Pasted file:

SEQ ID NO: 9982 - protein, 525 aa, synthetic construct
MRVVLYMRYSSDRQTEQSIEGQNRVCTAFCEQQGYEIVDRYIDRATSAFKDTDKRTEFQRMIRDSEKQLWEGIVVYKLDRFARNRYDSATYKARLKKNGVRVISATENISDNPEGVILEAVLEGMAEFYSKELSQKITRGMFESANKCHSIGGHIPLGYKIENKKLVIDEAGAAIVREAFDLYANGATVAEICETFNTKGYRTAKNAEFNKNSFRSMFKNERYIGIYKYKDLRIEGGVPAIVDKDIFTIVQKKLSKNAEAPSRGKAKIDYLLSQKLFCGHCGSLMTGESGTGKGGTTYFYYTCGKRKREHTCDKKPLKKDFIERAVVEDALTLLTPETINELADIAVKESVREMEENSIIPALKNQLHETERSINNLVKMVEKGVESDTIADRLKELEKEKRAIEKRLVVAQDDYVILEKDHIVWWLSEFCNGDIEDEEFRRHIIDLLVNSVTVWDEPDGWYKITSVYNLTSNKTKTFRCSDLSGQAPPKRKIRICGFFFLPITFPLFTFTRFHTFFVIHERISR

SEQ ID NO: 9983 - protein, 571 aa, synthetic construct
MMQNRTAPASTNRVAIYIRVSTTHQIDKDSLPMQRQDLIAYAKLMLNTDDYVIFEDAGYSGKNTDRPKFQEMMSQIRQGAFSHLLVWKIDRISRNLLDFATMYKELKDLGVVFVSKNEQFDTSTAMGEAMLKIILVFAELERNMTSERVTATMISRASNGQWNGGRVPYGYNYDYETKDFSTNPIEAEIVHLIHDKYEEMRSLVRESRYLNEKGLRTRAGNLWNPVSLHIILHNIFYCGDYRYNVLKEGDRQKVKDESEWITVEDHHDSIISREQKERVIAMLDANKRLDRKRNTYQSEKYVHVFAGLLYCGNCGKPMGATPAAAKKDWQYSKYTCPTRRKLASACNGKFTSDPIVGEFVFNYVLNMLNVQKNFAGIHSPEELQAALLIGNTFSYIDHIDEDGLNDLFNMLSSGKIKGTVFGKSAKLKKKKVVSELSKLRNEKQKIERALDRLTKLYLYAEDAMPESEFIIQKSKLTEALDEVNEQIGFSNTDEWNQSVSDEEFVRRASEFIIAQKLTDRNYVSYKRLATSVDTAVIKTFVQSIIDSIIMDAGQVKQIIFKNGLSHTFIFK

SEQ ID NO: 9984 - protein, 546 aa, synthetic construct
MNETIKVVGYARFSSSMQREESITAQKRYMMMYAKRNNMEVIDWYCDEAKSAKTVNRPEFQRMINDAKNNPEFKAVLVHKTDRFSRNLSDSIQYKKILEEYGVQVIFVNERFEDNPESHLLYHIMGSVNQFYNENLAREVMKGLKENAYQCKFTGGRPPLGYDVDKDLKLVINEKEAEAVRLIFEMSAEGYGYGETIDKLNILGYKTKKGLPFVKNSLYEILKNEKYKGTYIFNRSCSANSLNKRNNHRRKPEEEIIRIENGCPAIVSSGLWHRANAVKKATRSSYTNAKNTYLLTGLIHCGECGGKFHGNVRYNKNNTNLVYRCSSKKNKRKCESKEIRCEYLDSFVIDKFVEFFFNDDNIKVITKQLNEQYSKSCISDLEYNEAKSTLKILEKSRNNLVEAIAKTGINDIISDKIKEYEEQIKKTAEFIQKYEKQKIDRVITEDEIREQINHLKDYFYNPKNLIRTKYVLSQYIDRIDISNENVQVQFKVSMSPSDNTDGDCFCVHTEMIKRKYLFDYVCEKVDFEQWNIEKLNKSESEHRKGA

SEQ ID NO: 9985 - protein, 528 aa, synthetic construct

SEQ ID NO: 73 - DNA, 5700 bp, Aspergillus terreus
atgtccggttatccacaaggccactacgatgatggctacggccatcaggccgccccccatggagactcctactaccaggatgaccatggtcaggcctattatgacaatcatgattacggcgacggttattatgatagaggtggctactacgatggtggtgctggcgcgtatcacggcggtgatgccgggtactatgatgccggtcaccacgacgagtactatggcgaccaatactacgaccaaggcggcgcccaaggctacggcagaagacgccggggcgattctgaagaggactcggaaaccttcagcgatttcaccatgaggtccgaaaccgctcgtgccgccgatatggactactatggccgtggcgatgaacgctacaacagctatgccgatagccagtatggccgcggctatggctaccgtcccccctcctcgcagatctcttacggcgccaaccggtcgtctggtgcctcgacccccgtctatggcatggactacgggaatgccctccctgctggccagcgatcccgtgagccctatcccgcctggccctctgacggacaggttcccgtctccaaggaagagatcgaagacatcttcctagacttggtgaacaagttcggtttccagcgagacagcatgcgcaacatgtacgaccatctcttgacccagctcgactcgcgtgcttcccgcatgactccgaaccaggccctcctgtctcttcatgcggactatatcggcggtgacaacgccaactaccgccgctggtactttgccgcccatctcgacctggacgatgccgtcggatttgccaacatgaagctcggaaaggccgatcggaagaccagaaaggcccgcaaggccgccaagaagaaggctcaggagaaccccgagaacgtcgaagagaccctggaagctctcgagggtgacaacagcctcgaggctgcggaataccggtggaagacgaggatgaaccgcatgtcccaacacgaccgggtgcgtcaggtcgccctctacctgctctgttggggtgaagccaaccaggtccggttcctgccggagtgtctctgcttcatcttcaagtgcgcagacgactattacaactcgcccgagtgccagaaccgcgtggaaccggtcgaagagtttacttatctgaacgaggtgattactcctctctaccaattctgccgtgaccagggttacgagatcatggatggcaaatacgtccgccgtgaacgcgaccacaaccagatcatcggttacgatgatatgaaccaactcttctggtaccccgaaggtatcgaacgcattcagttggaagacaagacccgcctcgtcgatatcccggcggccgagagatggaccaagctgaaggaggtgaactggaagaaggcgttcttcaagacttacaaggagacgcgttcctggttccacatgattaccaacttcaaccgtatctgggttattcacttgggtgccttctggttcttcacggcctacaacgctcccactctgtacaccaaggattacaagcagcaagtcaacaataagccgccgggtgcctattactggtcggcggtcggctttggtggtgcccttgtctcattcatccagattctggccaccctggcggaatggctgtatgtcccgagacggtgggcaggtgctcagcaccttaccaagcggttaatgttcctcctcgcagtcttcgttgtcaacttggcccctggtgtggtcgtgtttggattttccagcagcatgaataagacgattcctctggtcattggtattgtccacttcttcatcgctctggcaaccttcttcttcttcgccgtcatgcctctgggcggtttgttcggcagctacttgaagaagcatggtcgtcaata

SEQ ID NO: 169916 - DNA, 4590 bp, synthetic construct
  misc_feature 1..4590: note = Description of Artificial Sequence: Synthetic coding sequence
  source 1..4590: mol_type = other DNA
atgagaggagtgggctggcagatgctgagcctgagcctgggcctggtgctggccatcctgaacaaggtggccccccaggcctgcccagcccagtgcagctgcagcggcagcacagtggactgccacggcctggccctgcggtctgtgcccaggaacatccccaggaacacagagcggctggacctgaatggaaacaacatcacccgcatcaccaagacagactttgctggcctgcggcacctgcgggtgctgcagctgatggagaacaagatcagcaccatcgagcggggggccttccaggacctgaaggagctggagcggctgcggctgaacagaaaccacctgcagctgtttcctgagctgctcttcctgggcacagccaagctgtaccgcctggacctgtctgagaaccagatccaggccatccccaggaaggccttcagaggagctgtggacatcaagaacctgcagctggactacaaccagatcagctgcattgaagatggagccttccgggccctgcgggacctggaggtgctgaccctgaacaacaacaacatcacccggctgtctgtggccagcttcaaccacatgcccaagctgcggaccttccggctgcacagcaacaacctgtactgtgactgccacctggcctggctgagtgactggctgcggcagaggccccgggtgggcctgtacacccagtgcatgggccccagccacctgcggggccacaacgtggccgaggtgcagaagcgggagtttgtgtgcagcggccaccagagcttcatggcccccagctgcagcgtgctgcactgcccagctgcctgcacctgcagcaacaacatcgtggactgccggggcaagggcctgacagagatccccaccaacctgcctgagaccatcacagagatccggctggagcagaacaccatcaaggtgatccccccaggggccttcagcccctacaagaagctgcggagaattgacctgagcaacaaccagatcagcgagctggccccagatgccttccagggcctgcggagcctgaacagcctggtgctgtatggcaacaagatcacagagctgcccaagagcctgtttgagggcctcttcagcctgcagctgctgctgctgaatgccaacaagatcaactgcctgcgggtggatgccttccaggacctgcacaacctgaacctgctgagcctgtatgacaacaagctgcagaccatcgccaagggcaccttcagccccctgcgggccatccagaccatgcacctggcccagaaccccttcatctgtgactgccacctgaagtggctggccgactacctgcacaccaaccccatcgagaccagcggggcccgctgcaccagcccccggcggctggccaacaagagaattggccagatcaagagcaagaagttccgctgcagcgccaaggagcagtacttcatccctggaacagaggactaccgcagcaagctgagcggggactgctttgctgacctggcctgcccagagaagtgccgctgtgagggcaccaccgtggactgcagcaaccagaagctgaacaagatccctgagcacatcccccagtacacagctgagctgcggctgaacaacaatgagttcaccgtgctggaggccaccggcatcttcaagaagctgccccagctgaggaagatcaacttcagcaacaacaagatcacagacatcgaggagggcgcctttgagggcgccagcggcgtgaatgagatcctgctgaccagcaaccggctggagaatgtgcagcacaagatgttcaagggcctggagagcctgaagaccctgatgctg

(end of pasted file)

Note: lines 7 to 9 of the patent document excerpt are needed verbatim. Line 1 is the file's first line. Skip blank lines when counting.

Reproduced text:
SEQ ID NO: 9985 - protein, 528 aa, synthetic construct

SEQ ID NO: 73 - DNA, 5700 bp, Aspergillus terreus
atgtccggttatccacaaggccactacgatgatggctacggccatcaggccgccccccatggagactcctactaccaggatgaccatggtcaggcctattatgacaatcatgattacggcgacggttattatgatagaggtggctactacgatggtggtgctggcgcgtatcacggcggtgatgccgggtactatgatgccggtcaccacgacgagtactatggcgaccaatactacgaccaaggcggcgcccaaggctacggcagaagacgccggggcgattctgaagaggactcggaaaccttcagcgatttcaccatgaggtccgaaaccgctcgtgccgccgatatggactactatggccgtggcgatgaacgctacaacagctatgccgatagccagtatggccgcggctatggctaccgtcccccctcctcgcagatctcttacggcgccaaccggtcgtctggtgcctcgacccccgtctatggcatggactacgggaatgccctccctgctggccagcgatcccgtgagccctatcccgcctggccctctgacggacaggttcccgtctccaaggaagagatcgaagacatcttcctagacttggtgaacaagttcggtttccagcgagacagcatgcgcaacatgtacgaccatctcttgacccagctcgactcgcgtgcttcccgcatgactccgaaccaggccctcctgtctcttcatgcggactatatcggcggtgacaacgccaactaccgccgctggtactttgccgcccatctcgacctggacgatgccgtcggatttgccaacatgaagctcggaaaggccgatcggaagaccagaaaggcccgcaaggccgccaagaagaaggctcaggagaaccccgagaacgtcgaagagaccctggaagctctcgagggtgacaacagcctcgaggctgcggaataccggtggaagacgaggatgaaccgcatgtcccaacacgaccgggtgcgtcaggtcgccctctacctgctctgttggggtgaagccaaccaggtccggttcctgccggagtgtctctgcttcatcttcaagtgcgcagacgactattacaactcgcccgagtgccagaaccgcgtggaaccggtcgaagagtttacttatctgaacgaggtgattactcctctctaccaattctgccgtgaccagggttacgagatcatggatggcaaatacgtccgccgtgaacgcgaccacaaccagatcatcggttacgatgatatgaaccaactcttctggtaccccgaaggtatcgaacgcattcagttggaagacaagacccgcctcgtcgatatcccggcggccgagagatggaccaagctgaaggaggtgaactggaagaaggcgttcttcaagacttacaaggagacgcgttcctggttccacatgattaccaacttcaaccgtatctgggttattcacttgggtgccttctggttcttcacggcctacaacgctcccactctgtacaccaaggattacaagcagcaagtcaacaataagccgccgggtgcctattactggtcggcggtcggctttggtggtgcccttgtctcattcatccagattctggccaccctggcggaatggctgtatgtcccgagacggtgggcaggtgctcagcaccttaccaagcggttaatgttcctcctcgcagtcttcgttgtcaacttggcccctggtgtggtcgtgtttggattttccagcagcatgaataagacgattcctctggtcattggtattgtccacttcttcatcgctctggcaaccttcttcttcttcgccgtcatgcctctgggcggtttgttcggcagctacttgaagaagcatggtcgtcaata